Although fewer students coming from Mennonite homes may look like a problem to some, Wood sees it as an opportunity. “We’re inherently missional, in the sense that we’re inviting people to a radical community and a fundamentally different way of seeing the world,” he says. 

Wood sees an inconsistency in the way churches view the school as compared with the way they view church camps. Both Mennonite Church Saskatchewan and MC Alberta have been staunch supporters of their camps because they see them as places of mission, he says. 

Youth Farm Bible Camp, for example, is supported not for being a Mennonite camp for Mennonite campers, but for providing camping experiences for special needs adults and children from Indigenous communities. 

“I would like it if RJC was celebrated for its missional posture—for being a Mennonite school for the world,” Wood says.

Forrester agrees. “RJC was started to keep Mennonite faith and culture alive,” she says. “There is an underlying mission there that is [still] very much the same.” Only now, instead of being a high school for Mennonite students only, RJC is becoming “a Mennonite school for the global student,” she says.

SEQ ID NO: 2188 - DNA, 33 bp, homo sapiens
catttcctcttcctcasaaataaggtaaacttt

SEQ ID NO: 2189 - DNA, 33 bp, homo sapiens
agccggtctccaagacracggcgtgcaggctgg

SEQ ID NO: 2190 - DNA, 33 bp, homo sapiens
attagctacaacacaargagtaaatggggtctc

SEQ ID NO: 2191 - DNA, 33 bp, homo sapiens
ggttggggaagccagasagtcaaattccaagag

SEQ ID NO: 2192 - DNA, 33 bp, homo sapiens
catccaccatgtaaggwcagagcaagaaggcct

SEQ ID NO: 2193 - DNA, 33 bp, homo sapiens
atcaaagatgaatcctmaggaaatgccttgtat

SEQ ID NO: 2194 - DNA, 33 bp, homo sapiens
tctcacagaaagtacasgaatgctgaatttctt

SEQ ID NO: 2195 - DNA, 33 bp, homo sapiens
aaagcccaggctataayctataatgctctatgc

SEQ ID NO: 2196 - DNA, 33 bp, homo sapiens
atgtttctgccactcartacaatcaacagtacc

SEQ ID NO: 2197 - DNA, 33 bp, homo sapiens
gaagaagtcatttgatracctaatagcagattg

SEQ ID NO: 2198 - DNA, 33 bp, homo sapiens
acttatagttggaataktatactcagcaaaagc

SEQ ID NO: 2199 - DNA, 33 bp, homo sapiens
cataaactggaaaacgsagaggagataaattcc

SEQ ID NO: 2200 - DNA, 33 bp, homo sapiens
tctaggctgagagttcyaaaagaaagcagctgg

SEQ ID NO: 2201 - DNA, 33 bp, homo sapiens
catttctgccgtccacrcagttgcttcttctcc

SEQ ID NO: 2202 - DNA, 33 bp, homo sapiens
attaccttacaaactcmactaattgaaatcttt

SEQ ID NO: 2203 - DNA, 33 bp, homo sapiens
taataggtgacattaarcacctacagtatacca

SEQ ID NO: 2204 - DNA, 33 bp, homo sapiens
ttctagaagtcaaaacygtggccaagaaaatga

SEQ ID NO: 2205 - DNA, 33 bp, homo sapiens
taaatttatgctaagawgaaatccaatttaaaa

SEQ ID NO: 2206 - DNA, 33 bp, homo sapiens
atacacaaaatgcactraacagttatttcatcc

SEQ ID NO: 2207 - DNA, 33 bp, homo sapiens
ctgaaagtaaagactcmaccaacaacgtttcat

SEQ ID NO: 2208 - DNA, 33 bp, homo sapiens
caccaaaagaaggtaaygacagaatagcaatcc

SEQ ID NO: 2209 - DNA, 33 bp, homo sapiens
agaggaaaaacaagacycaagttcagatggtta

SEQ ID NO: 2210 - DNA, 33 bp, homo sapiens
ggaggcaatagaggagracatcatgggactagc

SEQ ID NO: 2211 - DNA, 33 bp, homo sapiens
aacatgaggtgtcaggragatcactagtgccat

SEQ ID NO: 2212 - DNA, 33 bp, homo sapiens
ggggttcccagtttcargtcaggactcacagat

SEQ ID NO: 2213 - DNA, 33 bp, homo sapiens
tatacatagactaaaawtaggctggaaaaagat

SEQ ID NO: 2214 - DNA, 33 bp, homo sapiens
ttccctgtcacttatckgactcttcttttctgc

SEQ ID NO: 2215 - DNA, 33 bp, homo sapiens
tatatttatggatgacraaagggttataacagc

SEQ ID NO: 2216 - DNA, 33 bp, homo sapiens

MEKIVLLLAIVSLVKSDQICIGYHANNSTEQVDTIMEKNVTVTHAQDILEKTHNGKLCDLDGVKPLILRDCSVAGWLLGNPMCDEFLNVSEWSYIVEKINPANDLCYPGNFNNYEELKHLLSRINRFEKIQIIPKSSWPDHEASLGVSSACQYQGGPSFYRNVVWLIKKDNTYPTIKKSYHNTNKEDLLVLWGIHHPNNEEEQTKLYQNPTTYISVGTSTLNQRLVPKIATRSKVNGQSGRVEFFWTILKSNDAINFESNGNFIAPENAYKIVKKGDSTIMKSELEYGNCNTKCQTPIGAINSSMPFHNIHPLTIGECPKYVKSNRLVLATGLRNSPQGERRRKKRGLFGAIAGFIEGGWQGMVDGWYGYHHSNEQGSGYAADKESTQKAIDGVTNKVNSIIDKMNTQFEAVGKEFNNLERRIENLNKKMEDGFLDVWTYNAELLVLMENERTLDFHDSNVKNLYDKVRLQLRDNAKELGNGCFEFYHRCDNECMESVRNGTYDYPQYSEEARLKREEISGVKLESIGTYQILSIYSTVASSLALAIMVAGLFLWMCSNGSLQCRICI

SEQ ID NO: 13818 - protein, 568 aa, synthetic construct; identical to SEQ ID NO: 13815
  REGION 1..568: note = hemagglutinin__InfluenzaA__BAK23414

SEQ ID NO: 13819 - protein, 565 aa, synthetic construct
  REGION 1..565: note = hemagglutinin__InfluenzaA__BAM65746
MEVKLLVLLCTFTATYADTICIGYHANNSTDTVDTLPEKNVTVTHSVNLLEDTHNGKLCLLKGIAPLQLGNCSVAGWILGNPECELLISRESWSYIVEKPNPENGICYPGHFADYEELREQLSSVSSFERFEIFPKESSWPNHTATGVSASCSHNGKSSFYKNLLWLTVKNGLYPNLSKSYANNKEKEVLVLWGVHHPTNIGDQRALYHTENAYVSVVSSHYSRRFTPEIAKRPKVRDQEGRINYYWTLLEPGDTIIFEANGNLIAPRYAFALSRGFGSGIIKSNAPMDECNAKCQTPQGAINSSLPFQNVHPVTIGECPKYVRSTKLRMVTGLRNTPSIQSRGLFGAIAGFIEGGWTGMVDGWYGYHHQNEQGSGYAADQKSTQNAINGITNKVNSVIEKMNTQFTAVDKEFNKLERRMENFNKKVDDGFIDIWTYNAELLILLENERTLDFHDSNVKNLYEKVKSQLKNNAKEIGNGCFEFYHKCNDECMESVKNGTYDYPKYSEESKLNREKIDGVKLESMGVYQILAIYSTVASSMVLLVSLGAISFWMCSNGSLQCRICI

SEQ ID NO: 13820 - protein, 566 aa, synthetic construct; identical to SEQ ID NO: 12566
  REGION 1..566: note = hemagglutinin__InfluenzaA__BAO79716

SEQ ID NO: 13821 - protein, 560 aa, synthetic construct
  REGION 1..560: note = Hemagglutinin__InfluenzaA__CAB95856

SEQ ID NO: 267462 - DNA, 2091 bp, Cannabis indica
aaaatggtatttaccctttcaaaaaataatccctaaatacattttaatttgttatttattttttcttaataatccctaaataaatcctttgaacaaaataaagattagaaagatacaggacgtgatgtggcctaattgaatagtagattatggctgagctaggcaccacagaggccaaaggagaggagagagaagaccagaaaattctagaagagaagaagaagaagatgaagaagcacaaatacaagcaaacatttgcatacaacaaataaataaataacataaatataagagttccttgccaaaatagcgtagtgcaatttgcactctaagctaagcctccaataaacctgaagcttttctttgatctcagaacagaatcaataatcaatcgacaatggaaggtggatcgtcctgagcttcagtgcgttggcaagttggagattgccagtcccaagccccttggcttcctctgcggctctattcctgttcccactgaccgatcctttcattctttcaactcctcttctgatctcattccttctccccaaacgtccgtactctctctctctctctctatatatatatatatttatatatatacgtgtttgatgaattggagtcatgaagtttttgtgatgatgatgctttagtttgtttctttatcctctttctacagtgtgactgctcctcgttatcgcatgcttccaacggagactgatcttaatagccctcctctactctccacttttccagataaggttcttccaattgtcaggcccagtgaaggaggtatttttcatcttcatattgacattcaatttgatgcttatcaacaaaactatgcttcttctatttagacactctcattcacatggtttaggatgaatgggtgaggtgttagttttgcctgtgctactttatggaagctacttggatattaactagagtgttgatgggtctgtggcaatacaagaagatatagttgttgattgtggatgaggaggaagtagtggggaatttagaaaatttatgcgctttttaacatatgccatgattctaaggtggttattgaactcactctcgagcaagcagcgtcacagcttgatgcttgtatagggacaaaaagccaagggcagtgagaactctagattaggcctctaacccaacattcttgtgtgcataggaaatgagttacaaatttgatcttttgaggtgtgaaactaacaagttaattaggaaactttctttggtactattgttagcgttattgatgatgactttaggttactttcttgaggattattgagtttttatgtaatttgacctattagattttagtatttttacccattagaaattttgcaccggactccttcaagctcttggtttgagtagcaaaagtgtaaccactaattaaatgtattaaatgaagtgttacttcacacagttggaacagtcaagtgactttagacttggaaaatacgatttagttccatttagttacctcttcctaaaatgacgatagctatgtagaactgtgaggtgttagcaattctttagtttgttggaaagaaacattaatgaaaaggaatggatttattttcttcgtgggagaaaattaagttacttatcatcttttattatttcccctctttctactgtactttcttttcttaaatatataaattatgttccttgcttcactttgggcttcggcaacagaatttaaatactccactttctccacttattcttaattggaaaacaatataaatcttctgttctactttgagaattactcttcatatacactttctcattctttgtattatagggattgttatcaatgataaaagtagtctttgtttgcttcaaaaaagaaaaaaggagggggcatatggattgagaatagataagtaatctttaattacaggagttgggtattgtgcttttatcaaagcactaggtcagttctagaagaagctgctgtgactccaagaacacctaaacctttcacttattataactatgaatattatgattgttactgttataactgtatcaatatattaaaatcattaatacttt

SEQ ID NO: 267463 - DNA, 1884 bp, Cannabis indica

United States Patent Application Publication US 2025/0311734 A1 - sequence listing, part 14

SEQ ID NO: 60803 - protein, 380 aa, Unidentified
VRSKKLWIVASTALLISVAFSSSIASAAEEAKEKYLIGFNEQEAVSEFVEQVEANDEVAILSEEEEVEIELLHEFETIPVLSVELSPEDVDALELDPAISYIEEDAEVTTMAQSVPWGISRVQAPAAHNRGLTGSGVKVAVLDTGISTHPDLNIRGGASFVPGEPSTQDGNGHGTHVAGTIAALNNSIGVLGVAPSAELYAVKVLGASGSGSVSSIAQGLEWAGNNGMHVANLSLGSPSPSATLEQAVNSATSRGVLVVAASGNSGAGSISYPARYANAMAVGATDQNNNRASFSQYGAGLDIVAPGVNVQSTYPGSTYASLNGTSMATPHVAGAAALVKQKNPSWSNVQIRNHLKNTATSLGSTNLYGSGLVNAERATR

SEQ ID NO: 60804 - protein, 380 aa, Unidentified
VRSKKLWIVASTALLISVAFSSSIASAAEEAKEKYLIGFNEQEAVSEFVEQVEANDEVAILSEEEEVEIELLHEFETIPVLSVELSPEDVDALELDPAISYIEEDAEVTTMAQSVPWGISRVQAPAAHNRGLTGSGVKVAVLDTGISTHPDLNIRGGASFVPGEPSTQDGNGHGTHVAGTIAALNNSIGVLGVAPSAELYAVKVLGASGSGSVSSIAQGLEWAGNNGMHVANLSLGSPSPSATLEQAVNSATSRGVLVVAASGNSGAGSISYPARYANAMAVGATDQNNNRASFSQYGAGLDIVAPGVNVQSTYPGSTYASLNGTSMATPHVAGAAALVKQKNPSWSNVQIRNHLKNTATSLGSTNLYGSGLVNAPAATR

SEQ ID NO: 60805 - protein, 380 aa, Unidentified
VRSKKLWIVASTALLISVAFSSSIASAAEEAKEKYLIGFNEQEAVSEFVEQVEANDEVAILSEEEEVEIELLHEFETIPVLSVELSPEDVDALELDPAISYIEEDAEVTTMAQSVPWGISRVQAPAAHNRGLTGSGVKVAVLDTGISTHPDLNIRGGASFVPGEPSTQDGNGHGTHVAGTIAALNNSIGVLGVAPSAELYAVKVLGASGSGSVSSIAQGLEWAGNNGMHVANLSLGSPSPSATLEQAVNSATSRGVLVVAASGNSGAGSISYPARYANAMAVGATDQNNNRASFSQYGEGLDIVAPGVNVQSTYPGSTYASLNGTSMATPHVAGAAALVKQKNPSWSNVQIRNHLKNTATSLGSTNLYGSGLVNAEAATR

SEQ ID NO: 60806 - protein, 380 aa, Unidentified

Even as Wood and Forrester are sounding a wake-up call to the church, they are celebrating the many good things happening at the school, and the missional potential they hope will make good things happen well into the future.

“We have plenty to be thankful for and we are coming from a position of relative strength,” says Wood. He lists “a young, innovative staff” and “students who are actively engaged in our programming” among the things to be thankful for, along with “a supportive church and alumni community,” who have contributed generously to “recent capital upgrades to our dorms, fields, dining hall and classrooms.”

As churches change their perceptions of RJC, they may need to let go of long-held expectations. “If we’re going to take that missional perspective,” Wood says, “we need to serve the needs of those who join us.”